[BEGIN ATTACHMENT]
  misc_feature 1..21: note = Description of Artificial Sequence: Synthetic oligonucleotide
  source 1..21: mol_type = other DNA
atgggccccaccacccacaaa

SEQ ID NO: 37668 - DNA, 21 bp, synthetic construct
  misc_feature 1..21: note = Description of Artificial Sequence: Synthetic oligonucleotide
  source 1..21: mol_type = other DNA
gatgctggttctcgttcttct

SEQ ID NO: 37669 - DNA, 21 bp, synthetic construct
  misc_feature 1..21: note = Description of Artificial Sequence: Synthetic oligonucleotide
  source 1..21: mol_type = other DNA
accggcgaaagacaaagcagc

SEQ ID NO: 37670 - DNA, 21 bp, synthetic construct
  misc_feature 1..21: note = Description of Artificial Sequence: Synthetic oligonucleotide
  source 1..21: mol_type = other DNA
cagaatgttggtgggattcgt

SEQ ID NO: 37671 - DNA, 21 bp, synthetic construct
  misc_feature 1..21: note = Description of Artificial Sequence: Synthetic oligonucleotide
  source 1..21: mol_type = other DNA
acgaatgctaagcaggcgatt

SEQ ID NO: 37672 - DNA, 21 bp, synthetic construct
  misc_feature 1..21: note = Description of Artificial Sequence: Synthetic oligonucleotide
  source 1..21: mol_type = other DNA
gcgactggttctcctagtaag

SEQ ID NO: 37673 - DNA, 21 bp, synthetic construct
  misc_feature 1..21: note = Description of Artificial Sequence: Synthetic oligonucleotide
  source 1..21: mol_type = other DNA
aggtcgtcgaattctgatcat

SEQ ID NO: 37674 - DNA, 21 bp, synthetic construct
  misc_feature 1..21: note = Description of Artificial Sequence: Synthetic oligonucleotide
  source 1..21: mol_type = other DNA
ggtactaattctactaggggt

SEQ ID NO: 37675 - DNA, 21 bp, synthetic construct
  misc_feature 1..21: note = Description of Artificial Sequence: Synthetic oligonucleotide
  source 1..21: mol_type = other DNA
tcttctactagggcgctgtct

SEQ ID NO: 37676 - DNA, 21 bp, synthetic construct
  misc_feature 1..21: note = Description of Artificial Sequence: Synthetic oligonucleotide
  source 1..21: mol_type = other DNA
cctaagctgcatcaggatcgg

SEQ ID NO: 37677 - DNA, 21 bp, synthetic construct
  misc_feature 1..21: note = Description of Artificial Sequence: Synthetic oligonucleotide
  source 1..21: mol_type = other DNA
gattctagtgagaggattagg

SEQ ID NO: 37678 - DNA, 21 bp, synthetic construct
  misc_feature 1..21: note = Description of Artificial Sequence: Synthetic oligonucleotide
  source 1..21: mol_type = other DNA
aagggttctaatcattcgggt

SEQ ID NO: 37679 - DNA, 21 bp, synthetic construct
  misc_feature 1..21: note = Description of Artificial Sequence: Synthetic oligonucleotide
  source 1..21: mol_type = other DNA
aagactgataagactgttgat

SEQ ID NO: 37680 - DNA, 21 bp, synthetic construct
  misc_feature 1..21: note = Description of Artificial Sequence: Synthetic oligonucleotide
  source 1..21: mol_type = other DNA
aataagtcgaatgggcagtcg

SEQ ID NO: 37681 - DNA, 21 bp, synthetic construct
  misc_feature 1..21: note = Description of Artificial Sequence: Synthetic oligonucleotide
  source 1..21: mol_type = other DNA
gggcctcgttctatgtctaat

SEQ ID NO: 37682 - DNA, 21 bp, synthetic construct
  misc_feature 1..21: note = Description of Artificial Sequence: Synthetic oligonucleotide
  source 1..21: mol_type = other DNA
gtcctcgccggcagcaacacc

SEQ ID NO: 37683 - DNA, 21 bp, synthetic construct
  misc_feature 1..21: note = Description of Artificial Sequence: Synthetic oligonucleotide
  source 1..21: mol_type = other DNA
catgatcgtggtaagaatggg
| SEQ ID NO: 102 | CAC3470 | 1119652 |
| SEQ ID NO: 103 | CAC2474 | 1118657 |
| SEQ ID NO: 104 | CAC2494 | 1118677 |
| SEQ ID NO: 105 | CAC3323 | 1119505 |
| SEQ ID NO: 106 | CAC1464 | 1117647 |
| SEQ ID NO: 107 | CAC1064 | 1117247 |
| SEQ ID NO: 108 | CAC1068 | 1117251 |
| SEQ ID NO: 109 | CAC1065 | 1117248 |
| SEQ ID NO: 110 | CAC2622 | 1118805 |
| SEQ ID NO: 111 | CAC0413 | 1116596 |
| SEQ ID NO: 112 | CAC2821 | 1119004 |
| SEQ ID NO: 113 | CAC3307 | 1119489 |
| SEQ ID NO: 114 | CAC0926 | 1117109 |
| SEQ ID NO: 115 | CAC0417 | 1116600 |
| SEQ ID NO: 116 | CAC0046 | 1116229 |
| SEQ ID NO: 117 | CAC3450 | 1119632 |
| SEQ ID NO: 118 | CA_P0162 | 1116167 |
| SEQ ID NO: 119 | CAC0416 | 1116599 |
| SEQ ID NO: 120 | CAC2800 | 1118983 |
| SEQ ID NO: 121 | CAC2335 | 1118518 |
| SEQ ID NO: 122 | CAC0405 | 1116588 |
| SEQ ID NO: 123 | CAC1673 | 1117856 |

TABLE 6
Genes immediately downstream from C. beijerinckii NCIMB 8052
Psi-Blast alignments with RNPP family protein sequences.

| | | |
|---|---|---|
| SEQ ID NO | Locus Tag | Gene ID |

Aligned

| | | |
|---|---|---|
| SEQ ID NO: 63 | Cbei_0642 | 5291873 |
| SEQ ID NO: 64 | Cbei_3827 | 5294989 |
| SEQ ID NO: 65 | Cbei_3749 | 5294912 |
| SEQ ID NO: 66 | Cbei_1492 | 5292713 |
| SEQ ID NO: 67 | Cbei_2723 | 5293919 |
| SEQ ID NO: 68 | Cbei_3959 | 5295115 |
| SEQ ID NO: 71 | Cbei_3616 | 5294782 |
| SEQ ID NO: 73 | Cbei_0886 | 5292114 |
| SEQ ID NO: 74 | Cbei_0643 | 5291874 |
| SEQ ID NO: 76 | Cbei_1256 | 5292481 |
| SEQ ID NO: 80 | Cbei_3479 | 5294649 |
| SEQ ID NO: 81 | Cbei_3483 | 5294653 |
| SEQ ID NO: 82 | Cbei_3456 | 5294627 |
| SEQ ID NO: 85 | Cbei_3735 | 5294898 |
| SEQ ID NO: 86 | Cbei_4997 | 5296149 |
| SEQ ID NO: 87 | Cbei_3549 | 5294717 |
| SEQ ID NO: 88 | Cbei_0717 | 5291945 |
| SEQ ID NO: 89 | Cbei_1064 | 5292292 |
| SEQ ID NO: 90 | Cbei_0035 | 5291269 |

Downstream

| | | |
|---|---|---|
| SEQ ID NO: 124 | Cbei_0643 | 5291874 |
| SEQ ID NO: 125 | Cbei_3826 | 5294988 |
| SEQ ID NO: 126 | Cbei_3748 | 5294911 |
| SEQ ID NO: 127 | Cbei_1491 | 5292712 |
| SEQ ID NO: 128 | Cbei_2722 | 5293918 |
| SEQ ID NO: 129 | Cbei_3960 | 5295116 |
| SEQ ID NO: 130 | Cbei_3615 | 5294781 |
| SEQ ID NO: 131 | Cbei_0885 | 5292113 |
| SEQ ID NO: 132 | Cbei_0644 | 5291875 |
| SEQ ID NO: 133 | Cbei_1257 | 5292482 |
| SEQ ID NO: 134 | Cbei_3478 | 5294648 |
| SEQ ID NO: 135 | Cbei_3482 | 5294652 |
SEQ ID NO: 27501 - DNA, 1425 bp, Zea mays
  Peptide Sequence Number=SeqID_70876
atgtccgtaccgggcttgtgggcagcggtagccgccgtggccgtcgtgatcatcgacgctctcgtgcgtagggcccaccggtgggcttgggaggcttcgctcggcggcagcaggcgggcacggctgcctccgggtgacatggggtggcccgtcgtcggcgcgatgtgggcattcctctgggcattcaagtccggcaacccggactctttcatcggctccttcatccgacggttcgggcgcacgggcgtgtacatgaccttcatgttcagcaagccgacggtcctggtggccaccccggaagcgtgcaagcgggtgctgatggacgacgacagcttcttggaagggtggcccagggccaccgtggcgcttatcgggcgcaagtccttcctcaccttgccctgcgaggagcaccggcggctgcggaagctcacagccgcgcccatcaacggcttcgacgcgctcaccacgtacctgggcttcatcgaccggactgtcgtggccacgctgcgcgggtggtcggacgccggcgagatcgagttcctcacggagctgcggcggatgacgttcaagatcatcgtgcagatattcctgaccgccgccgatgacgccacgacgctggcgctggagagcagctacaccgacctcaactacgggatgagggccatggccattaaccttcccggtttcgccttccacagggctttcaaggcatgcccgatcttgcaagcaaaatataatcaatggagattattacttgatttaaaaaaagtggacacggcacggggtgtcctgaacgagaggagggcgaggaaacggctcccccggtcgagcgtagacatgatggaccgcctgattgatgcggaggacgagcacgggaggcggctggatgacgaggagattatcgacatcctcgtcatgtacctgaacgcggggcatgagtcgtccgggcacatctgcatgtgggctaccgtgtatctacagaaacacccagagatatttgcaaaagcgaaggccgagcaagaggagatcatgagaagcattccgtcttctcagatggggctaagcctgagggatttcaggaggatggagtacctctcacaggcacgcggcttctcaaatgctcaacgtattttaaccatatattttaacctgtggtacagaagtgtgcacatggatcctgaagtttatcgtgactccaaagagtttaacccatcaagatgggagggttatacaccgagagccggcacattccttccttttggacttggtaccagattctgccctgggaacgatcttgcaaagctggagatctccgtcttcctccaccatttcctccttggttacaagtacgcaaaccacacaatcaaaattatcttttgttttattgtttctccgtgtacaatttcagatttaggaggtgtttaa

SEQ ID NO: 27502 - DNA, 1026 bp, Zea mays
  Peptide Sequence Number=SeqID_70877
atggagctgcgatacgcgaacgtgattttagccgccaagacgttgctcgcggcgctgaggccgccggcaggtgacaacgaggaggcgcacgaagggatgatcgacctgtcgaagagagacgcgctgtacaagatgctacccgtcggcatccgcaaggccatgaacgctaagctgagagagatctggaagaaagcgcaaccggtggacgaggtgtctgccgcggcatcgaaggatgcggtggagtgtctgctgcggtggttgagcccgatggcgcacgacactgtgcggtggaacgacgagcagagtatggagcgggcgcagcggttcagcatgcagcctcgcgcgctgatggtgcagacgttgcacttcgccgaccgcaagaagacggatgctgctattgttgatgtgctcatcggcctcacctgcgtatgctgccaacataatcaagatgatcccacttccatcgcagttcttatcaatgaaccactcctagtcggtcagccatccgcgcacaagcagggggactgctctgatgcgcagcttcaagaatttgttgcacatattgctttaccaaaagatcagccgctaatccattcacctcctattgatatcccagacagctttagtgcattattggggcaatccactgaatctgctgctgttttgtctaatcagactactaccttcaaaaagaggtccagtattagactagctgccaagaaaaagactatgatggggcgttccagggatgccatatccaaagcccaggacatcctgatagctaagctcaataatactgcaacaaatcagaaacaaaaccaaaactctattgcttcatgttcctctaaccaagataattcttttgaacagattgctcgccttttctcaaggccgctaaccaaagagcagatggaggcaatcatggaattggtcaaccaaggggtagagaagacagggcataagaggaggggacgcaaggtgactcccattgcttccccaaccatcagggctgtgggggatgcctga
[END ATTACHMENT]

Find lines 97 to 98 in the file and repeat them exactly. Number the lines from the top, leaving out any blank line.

| | | |
|---|---|---|